It will be appreciated that, although the invention has been described with reference to its embodiment in one specific apparatus, changes and modifications may be made in that embodiment without departing from the spirit and scope of the invention as defined in the appended claims.

Having thus described the invention, we claim:

1. An apparatus for applying ply stock to a rotatable tire building drum, comprising belt supporting means including movable portions, movement directing means on said apparatus, means mounting a first of said portions for confined movement along said movement directing means from a first position away from one side of said drum to a second position adjacent the periphery of the other side of said drum, an endless flexible belt supported by said belt supporting means for movement in the direction of its length and engageable with an arcuate portion of said periphery when said first of said portions is moved adjacent the periphery of said drum, and means to move said first of said portions to and from said second position. 1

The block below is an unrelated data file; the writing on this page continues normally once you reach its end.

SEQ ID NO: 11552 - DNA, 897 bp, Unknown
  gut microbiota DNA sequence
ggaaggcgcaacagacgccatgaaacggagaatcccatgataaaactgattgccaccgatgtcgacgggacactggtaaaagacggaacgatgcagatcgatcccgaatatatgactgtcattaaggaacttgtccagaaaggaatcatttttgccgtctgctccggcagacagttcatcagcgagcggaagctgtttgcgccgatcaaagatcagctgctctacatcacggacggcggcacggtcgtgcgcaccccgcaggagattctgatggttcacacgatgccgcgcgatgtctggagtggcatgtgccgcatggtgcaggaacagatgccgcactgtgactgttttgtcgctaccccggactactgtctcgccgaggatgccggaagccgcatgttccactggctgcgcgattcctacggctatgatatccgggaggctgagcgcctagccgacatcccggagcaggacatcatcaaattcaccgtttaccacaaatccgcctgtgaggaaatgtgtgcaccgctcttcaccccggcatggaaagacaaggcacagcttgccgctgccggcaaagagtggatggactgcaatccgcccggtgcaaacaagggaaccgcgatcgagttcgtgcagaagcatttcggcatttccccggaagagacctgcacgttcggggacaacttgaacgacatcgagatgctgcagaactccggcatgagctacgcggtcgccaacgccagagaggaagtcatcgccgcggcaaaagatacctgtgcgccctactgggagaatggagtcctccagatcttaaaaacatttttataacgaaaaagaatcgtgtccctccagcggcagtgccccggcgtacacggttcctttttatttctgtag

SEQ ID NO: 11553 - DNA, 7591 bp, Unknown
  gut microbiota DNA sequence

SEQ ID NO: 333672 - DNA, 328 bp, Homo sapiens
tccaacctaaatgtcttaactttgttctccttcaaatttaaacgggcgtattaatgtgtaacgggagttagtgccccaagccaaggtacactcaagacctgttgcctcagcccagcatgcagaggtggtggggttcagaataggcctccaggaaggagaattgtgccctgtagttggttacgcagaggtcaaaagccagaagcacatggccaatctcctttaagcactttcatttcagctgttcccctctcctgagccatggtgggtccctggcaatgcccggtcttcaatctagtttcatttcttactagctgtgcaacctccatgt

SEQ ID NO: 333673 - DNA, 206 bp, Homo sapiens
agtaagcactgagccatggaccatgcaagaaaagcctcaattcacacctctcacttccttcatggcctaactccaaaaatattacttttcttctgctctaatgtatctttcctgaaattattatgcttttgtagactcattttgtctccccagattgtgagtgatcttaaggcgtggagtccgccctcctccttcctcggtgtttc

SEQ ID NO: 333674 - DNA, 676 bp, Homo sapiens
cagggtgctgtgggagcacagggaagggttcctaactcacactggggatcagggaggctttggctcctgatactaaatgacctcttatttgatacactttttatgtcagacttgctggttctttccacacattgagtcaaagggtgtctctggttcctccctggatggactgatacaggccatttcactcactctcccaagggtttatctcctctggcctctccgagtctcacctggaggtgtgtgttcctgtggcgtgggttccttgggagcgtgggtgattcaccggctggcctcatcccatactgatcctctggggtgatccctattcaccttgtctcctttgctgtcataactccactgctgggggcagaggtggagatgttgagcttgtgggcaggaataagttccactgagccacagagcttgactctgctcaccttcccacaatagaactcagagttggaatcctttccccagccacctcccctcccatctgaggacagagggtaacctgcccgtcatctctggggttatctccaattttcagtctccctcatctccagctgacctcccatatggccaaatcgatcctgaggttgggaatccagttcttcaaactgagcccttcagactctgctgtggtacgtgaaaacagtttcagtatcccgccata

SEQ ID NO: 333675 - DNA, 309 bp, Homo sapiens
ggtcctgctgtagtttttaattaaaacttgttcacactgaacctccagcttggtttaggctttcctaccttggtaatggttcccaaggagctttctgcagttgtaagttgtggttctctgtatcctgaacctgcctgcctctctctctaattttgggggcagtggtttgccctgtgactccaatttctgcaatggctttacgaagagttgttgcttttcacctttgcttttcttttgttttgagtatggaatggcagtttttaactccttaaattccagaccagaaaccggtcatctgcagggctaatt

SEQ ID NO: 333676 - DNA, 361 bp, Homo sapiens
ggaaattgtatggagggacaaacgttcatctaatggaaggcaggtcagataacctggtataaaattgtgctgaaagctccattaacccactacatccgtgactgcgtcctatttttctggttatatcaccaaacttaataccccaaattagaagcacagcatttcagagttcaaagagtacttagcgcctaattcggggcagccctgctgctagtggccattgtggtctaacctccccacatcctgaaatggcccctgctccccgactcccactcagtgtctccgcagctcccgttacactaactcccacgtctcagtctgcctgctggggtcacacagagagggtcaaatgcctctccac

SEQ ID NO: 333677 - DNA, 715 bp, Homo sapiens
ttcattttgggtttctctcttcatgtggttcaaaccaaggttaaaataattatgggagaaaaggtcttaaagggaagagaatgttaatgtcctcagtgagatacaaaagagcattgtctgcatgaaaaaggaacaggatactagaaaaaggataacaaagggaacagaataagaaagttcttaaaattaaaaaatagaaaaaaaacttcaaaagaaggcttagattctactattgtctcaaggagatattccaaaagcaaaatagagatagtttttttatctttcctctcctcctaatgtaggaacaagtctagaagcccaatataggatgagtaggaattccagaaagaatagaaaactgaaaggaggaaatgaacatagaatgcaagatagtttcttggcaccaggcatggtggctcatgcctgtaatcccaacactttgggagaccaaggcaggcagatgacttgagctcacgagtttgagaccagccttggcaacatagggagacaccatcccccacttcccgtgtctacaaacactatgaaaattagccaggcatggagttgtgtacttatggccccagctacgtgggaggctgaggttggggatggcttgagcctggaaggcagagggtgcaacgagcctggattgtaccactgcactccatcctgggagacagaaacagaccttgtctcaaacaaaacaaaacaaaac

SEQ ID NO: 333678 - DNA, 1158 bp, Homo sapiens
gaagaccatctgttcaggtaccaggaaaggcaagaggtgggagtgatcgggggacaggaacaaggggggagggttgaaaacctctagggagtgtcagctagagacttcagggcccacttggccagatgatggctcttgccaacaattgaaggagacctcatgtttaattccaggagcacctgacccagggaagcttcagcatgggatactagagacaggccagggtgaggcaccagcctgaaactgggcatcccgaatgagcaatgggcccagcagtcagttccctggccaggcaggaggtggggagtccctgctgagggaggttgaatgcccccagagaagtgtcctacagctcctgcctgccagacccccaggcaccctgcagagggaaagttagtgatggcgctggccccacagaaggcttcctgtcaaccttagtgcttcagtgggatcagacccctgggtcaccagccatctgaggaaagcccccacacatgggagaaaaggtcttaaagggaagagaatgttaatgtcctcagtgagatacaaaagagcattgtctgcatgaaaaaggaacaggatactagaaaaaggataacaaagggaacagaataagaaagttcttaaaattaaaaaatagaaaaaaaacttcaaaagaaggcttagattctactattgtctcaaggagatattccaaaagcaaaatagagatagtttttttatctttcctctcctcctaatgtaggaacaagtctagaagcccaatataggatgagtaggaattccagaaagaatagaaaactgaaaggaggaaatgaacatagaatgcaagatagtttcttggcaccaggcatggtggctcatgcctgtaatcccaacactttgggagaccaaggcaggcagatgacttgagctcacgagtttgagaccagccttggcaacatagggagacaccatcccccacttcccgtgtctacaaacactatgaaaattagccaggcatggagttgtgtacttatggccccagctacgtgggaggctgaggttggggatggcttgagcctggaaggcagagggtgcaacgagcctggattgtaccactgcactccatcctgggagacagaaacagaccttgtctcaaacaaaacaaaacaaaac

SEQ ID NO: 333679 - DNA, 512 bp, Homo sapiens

2. An apparatus for applying ply stock to a rotatable tire building drum, comprising a frame; a belt supporting assembly including a first portion rockably mounted on said frame, and a second portion including a pair of spaced belt placement arms; means mounting said second portion on said frame for limited rocking and translational movement toward and away from said drum; a plurality of belt supporting rolls rotatably mounted on said assembly with at least one of said rolls mounted on said placement arms; an endless flexible belt supported by said rolls and engageable with an arcuate portion of said drum as said second portion is moved toward said drum; means to move said second portion toward and away from said drum; means responsive to predetermined movement of said second portion to rock said first portion; and means to maintain uniform tension on said belt as said second portion is moved toward and away from said drum.